The research results showed, however, that the most effective leaders are alike in one crucial way: They all have a high degree of what has come to be known as emotional intelligence. It’s not that IQ and technical skills are irrelevant. They do matter, but mainly as “threshold capabilities”; that is, they are the entry-level requirements for executive positions. But my research, along with other recent studies, clearly shows that emotional intelligence is the sine qua non of leadership. Without it, a person can have the best training in the world, an incisive, analytical mind, and an endless supply of smart ideas, but he still won’t make a great leader.
Evaluating Emotional Intelligence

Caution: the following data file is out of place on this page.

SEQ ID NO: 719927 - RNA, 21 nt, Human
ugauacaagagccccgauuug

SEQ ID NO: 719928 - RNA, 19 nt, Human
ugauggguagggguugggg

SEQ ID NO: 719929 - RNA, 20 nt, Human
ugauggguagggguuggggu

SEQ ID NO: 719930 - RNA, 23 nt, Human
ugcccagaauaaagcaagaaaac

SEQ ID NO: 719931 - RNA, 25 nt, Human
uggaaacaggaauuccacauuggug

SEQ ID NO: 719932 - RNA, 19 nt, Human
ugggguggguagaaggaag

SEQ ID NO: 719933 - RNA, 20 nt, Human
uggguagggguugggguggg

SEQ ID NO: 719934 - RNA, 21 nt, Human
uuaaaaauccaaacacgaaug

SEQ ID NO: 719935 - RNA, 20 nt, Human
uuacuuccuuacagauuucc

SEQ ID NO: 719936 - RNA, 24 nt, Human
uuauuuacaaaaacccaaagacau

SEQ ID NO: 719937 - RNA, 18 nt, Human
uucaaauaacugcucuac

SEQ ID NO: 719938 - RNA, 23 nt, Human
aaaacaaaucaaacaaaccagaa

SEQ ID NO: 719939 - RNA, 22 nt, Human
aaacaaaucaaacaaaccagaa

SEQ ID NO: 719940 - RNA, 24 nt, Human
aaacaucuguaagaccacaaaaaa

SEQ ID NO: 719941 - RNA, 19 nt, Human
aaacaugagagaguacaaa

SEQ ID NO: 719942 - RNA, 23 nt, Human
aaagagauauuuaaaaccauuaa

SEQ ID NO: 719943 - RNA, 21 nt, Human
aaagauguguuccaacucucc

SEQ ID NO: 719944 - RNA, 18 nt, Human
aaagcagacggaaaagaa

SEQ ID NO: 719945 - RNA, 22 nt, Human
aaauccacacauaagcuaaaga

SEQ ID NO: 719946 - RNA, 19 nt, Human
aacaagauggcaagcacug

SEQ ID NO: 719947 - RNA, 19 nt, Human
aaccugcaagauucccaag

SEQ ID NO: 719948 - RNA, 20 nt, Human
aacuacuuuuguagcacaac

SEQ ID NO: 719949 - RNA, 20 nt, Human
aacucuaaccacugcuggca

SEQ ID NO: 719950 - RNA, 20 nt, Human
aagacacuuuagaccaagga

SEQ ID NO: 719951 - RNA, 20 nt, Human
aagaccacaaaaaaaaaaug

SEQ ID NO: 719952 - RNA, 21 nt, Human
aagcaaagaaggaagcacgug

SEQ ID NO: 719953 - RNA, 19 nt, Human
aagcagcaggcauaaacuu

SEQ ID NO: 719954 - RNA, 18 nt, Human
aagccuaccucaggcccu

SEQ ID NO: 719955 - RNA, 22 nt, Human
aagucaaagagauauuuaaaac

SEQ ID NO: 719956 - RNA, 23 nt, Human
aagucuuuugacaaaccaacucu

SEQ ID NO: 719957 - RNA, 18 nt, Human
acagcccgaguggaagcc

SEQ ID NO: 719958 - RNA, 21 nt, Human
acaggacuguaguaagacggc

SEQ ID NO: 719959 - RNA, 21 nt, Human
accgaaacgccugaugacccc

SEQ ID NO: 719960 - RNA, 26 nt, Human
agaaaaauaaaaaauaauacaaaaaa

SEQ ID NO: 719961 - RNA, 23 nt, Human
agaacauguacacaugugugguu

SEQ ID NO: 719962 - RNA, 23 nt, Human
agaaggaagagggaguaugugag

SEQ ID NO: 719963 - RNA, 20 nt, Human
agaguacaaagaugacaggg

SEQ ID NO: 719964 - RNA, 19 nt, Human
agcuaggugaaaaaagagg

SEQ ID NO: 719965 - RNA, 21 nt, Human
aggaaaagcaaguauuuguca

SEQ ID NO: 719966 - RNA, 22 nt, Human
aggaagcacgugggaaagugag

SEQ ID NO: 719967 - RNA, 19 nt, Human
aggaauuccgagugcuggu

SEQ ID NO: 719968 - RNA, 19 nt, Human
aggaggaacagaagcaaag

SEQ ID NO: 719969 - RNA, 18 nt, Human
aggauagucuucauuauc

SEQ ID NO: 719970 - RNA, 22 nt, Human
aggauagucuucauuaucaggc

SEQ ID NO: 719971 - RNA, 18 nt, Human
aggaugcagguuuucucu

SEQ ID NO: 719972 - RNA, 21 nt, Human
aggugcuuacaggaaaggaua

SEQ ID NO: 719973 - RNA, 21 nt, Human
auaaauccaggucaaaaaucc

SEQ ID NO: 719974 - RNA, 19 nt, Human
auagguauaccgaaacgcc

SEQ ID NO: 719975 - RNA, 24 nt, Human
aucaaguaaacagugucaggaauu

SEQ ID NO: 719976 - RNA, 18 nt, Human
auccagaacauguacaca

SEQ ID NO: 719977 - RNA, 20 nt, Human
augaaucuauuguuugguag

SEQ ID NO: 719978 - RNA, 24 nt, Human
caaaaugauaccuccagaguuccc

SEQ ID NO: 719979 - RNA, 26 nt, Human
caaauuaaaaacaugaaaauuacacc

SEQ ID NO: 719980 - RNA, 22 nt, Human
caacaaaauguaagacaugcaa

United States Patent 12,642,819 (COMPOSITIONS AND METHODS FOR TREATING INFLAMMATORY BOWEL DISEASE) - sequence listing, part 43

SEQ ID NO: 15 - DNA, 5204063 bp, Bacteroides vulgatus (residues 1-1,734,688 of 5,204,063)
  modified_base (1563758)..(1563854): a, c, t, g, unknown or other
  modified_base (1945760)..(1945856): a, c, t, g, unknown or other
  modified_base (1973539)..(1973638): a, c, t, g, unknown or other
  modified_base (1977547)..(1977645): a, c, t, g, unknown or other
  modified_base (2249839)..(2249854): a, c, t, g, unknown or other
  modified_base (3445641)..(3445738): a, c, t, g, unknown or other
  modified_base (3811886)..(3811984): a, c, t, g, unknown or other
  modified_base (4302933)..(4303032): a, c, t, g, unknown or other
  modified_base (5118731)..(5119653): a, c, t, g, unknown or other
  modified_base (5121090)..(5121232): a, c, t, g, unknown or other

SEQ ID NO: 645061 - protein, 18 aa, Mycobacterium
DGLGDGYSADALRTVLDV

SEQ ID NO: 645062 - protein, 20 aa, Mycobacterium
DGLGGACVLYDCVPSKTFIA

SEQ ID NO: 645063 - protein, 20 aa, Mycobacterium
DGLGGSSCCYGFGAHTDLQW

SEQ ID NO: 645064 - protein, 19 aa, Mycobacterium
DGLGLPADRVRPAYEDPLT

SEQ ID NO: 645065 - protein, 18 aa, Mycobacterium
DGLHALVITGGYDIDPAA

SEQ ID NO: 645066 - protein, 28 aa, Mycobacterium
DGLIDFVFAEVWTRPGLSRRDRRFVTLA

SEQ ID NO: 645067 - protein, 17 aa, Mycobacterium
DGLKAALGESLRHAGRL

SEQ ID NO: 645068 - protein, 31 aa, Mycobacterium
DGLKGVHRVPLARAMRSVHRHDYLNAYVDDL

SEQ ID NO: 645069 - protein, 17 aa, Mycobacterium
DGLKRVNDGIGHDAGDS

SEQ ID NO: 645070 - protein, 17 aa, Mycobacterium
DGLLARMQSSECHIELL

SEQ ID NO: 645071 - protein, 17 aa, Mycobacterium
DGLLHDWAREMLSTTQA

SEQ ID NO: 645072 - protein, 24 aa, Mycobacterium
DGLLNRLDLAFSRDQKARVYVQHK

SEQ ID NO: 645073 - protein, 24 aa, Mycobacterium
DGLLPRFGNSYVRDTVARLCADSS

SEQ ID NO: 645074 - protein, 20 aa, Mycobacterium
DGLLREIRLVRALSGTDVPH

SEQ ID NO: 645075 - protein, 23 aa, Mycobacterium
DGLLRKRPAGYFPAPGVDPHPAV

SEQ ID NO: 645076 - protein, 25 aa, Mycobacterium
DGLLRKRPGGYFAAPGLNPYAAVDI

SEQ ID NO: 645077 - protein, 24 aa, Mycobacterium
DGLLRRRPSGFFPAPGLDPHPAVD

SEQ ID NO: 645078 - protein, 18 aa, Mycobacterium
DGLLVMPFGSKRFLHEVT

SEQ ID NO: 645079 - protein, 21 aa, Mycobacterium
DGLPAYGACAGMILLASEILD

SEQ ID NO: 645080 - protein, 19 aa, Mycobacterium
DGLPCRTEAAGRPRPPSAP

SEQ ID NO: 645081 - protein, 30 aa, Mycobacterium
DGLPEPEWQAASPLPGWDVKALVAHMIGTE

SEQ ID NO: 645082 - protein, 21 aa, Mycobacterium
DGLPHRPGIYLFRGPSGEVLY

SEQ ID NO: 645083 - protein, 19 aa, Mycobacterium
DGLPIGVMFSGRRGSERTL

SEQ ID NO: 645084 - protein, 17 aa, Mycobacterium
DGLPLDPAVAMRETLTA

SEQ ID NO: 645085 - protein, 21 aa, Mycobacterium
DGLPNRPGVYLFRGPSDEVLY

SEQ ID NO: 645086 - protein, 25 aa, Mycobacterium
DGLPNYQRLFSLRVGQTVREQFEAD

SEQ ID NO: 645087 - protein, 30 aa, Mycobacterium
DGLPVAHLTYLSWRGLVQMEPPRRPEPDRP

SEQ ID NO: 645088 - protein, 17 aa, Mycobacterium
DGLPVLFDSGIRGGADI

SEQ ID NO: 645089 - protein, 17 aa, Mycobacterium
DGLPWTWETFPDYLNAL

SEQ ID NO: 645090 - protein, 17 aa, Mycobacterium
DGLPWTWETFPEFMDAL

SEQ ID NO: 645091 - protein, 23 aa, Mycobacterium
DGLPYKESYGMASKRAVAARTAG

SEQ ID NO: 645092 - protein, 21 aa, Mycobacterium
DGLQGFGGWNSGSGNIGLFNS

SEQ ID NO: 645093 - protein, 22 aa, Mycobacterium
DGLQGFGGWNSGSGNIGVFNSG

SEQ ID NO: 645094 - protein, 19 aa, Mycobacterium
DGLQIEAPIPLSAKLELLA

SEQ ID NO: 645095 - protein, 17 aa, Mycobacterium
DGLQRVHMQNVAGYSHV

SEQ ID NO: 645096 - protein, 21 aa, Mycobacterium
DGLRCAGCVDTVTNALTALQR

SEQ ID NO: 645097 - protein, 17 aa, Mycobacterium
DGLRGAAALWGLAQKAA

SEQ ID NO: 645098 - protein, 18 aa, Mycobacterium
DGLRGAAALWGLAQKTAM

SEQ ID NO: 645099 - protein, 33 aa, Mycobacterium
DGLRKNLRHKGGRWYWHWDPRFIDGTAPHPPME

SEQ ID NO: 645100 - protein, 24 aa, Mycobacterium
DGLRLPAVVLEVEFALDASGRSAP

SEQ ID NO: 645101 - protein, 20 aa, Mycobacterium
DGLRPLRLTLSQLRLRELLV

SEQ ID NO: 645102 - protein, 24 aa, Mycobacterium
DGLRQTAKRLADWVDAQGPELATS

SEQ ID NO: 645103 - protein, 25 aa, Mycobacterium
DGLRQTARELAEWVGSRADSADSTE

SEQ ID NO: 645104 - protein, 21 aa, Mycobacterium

Most large companies today have employed trained psychologists to develop what are known as “competency models” to aid them in identifying, training, and promoting likely stars in the leadership firmament. The psychologists have also developed such models for lower-level positions. And in recent years, I have analyzed competency models from 188 companies, most of which were large and global and included the likes of Lucent Technologies, British Airways, and Credit Suisse.
The groups of capabilities can be put into three categories: purely technical skills like accounting and business planning; cognitive abilities like analytical reasoning; and competencies demonstrating emotional intelligence, such as the ability to work with others and effectiveness in leading change.